To the man whose mind fires up each day like a jet-plane engine, power and chaos pulsating through the body, always daring to lift off -- to go somewhere else or fly higher still: And to the man who feels the intensity of each breath and heartbeat, who wakes up each day to two potions on the counter, both of which he must drink, one labeled "joy," the other "despair," each moment pulling him deeper into both life and death, light and dark, a liminal existence in the shadows: The goal is not always to quiet both, especially if his thoughts are sound, the engine quaking, and his emotions balanced, both cups empty, but rather for his mind to rage on and the plane to go nowhere at all, for his h

Poem: The Billionaire and the Artist

The billionaire has everything he needs yet lives like he is lacking, scrambling through the night like a felon dodging daybreak desperate for a high, trying to catch a moonbeam in a flask. What is he searching for? What is he running from? Anything and everything. Because that’s what billionaires do. He returns to his two-bedroom by dawn: not a billionaire’s lair but that of a tragic romantic who has received “every spiritual blessing” yet needs his tortured soul to be inflicted with the ache of his longing, the addiction of resolve. What is he searching for? What is he running from? Nothingness, which is everything. Because that’s what artists do. The lust of his swe

Poem: Desert Madness

Everything is dry. Nothingness for miles. But what a terrible thing it would be to quit walking. I mean, I could quit walking. But then again why would I if I already left by walking away from that fruitless, futureless land and through that rising, mountain sea? What a weird thing it is for salvation to end where it began in another fruitless Land and another futureless Quest. I don’t know, maybe I’ll quit walking. Maybe I’ll sit here in the sand where east is west and north is south, staring at the same damn thing as yesterday and the year before that, as the horizon bends and whispers, “Haven’t you been here before?” measuring me so I’ll measure myself. I think I’m d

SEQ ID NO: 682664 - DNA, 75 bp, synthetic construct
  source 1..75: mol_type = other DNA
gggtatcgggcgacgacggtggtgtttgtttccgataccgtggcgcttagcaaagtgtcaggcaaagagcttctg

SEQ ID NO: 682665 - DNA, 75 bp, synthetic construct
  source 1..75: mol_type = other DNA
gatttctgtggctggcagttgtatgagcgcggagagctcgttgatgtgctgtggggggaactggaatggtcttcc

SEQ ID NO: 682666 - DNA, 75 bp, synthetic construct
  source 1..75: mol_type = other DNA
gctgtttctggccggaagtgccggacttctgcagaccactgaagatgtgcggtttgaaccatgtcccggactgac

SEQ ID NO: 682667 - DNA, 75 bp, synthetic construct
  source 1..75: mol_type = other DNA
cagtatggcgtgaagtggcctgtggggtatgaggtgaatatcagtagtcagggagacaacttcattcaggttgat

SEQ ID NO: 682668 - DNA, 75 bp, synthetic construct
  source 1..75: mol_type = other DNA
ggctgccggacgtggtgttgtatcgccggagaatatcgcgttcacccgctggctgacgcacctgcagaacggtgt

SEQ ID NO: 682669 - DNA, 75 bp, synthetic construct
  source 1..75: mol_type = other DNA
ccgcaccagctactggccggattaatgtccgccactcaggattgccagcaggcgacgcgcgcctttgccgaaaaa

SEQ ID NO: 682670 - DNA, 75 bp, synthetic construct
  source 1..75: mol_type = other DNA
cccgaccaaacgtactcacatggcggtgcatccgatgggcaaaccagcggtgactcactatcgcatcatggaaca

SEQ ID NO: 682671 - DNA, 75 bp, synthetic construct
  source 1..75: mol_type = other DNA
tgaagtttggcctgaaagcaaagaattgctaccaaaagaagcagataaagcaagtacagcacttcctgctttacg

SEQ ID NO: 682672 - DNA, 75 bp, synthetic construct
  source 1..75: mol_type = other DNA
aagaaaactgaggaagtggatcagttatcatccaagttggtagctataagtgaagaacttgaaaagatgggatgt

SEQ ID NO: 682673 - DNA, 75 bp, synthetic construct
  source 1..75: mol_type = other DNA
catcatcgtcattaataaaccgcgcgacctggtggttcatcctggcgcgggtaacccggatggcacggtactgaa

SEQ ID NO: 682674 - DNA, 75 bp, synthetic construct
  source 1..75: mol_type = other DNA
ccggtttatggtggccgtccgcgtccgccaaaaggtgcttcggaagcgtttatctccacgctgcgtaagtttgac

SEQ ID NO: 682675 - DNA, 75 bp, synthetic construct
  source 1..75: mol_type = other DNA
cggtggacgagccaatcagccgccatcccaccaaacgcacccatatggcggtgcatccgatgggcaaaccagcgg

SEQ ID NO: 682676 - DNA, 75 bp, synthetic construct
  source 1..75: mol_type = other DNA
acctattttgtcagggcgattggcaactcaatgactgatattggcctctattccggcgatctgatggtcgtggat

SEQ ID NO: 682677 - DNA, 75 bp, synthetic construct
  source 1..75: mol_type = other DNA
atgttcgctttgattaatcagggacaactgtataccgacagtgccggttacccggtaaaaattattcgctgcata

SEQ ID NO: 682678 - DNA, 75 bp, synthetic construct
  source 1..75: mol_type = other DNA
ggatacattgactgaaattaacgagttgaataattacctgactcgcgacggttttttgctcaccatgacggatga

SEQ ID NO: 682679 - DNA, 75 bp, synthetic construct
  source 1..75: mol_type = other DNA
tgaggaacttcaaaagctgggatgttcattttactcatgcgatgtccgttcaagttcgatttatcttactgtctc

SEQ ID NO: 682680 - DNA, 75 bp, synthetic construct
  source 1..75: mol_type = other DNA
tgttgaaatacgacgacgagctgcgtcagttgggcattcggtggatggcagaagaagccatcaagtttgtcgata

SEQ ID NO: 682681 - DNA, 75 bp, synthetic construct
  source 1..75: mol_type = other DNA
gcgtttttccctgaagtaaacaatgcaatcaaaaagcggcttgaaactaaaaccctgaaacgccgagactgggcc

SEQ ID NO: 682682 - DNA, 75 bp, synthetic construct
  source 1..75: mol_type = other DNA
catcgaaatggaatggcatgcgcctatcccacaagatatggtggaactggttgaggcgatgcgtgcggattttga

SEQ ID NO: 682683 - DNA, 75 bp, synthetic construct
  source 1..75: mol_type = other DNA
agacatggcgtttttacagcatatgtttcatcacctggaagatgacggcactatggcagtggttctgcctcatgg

Poem: Carolina

Has it really been seven years since you first pulled me from those fields, away from all I knew, away from sweet simplicity, the simplicity I can’t reclaim? Is it simplicity I seek, that small-town life: prosperity? Tough to do with a dangling dream that taunts and haunts and teases yet frees. If simplicity means liberation then maybe it’s simplicity I seek. Or is it complexity that frees, this bursting dream: the key? Yes, I think it’s freedom that compels me. Has it really been seven years, since I first ran through your tunneled streets, honeysuckle and pine-scent hanging in the summer air? I was running then, and I’m running now, but I still don’t know what I’m ru


“The Enneagram can help us develop an awareness for our future and destiny, for that true face that we do not yet ‘have,’ but that already slumbers deep down inside us.” -Richard Rohr and Andreas Ebert, The Enneagram: A Christian Perspective PART I Where are you, MR. SP4CEM4N? You’re here, but are you here? Surrounded by love on this Christmas Eve, but you’re lost inside a dream. The love of your life in your arms tonight, but you’re swimming in a fantasy. I saw an astronaut down on Church Street; he kept on singing to the moon. Did you see me right in front of you, the stack of letters in my hand, the basket of prayers I bled for you, my love spread out across the sky? All sw